Bartleby The Scrivener And Paul's Case: A Literary Analysis

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Sebiga Lee AP Lit Ms. Conforti October 11th, 2014 Using any three stories, discuss how a central symbol is established and developed. Assess the relative importance in each story. The Yellow Wallpaper, Bartleby the Scrivener, and Paul’s Case contain symbols that represent significant themes in the text. The authors of all three stories provide signs of forbearance before the incidental events in order to establish the main points and themes of the stories. The symbols represent crucial messages regarding the authors’ contemporary settings to the reader. Melville’s message of materialism during the mid 19th century manifests itself through the portrayal of Bartleby’s loneliness and disillusionment with the monotony of everyday…show more content…
The disparity between the rights of women and men prevented women from fully harnessing their wisdom and maturity, keeping them callow. On the other hand, men became arrogant and assumed their superiority over women, patronizing and dominating their wives to follow their orders. The main character believed that the wallpaper changed shapes and a woman was behind it, trying to escape the entrapment of the yellow wallpaper. The whole room was surrounded by it and made the main character feel as if she were stuck in an inescapable asylum. She says “there are a great many women behind [the wallpaper], and sometimes only one, and she crawls around fast, and her crawling shakes it all over.” The woman behind the wallpaper represents the main character herself, desperately fighting to escape the domestic mundane life that entrapped her, which is represented by the yellow wallpaper and the fungus-like pattern. The nursery is analogous to a cage and a prison; there is no way to escape, because of the bars in the windows that were previously mandated for the safety of children. When she finished tearing down the wallpaper, she was allowed the “freedom” that she wistfully longed for. Now that she was “free”, she could…show more content…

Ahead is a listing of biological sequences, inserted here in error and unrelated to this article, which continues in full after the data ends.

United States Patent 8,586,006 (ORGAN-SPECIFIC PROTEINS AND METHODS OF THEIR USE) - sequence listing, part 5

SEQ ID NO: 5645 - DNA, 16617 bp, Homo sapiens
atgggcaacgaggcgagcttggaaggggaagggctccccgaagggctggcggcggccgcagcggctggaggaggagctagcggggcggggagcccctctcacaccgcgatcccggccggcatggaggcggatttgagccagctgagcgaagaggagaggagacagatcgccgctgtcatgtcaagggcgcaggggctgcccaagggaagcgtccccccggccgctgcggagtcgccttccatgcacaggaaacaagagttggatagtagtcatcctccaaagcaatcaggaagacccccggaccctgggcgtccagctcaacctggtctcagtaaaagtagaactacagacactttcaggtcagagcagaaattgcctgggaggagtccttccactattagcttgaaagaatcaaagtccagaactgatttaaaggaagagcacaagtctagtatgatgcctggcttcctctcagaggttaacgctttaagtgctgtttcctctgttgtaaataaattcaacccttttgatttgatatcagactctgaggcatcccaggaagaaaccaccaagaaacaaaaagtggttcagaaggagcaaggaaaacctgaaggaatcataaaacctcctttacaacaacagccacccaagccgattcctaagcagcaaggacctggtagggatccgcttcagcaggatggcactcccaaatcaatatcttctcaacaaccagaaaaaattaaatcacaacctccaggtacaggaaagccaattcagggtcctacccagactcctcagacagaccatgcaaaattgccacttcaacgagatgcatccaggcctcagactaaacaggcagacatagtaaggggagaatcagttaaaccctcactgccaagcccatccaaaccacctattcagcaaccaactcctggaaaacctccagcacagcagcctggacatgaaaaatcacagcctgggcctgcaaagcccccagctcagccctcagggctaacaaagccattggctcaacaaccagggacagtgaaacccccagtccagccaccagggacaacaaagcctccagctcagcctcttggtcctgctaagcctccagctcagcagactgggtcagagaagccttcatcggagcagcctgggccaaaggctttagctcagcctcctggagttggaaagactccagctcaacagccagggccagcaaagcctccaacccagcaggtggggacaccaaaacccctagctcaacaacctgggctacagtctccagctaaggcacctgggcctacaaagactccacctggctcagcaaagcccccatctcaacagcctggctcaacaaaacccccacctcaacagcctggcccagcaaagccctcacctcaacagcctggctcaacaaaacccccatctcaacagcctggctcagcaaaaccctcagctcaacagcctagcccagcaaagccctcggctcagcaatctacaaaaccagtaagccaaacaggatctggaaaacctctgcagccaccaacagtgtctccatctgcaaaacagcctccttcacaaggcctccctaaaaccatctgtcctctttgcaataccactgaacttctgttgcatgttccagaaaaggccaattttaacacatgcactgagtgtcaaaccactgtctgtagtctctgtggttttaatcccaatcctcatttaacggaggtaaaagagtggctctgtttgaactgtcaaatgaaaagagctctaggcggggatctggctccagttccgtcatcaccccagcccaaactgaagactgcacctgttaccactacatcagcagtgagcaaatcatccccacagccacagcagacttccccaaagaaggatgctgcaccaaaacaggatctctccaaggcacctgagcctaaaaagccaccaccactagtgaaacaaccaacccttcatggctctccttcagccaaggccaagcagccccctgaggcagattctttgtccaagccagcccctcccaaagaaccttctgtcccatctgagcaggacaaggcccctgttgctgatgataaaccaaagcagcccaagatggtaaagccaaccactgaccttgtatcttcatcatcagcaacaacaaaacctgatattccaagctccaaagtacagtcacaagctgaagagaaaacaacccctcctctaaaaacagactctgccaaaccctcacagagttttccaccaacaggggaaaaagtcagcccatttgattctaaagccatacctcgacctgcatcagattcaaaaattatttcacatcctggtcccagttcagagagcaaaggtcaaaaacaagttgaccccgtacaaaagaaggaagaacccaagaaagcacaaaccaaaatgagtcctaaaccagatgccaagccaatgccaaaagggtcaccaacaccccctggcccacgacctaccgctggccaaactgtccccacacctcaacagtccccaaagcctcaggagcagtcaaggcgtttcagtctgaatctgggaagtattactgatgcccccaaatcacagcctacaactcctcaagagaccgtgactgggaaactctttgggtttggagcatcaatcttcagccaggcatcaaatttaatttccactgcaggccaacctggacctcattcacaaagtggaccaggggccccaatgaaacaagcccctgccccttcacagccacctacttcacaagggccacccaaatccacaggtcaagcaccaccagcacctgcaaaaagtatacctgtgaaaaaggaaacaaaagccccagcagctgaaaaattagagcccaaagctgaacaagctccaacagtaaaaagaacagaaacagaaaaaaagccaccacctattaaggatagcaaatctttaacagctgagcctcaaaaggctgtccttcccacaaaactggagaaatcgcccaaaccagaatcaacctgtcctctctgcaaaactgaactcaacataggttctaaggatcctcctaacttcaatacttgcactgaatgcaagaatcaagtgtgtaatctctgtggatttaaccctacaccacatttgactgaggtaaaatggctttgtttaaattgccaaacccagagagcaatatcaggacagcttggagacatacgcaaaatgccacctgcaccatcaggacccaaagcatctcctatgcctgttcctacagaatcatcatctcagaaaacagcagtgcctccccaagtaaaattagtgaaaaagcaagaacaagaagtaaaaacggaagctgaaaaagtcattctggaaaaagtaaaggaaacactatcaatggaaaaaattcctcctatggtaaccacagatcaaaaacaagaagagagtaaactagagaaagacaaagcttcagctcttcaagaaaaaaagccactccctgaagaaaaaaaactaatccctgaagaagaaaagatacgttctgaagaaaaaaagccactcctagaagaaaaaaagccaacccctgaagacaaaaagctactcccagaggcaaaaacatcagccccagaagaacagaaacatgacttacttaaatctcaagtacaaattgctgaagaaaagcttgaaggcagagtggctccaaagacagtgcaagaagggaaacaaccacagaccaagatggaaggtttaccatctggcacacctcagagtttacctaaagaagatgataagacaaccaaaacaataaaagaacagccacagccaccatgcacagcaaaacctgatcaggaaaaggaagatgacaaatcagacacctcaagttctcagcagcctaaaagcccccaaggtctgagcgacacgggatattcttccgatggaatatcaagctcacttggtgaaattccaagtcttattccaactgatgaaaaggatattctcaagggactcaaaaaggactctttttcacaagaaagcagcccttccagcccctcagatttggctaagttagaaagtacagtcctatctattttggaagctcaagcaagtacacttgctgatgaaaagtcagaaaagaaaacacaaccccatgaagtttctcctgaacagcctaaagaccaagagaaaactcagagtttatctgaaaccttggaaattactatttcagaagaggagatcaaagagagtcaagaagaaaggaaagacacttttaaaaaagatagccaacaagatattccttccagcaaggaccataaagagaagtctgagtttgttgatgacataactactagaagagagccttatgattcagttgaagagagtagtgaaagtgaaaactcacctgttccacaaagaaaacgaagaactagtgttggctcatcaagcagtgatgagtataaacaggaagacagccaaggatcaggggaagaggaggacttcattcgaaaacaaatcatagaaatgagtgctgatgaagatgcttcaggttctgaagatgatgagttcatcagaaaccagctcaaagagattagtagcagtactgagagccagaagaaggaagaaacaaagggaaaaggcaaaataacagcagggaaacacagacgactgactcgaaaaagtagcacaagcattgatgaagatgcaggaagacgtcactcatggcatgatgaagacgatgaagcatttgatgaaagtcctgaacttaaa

She also talks about the consequences of deviation from a conformist world, represented by Paul’s homosexuality and red carnations. Paul, a suspended high school student from Pittsburgh High School , didn’t understand why he was part of a family from a lower working class. He assured himself that surely there was a mistake, and he was born to be part of the opulent upper class. In order to get away from the reality of being a commoner, he used the arts as a scapegoat. Art was an addictive drug for Paul, making him “sigh in relief,” freeing “potent spirit within him,” and giving him a “sudden zest of life” whenever he was around it. However, his pleasure was just an illusion because he was ignorant and had no aesthetic or intellectual capabilities to understand the arts. The symphonies played in Carnegie Hall did not mean “anything in particular to Paul,” but rather provided him instant satisfaction he received from music, plays, and paintings. Paul also misunderstood the power and function of money. When Paul heard his father and his friend talking about how poor men were able to work their way up the ladder into the world of luxuries, he only wanted the end result of hard work and had no care for the blood and sweat it demanded during the “cash-boy stage.” He didn’t realize that it took effort to earn money and could not be appreciated by just

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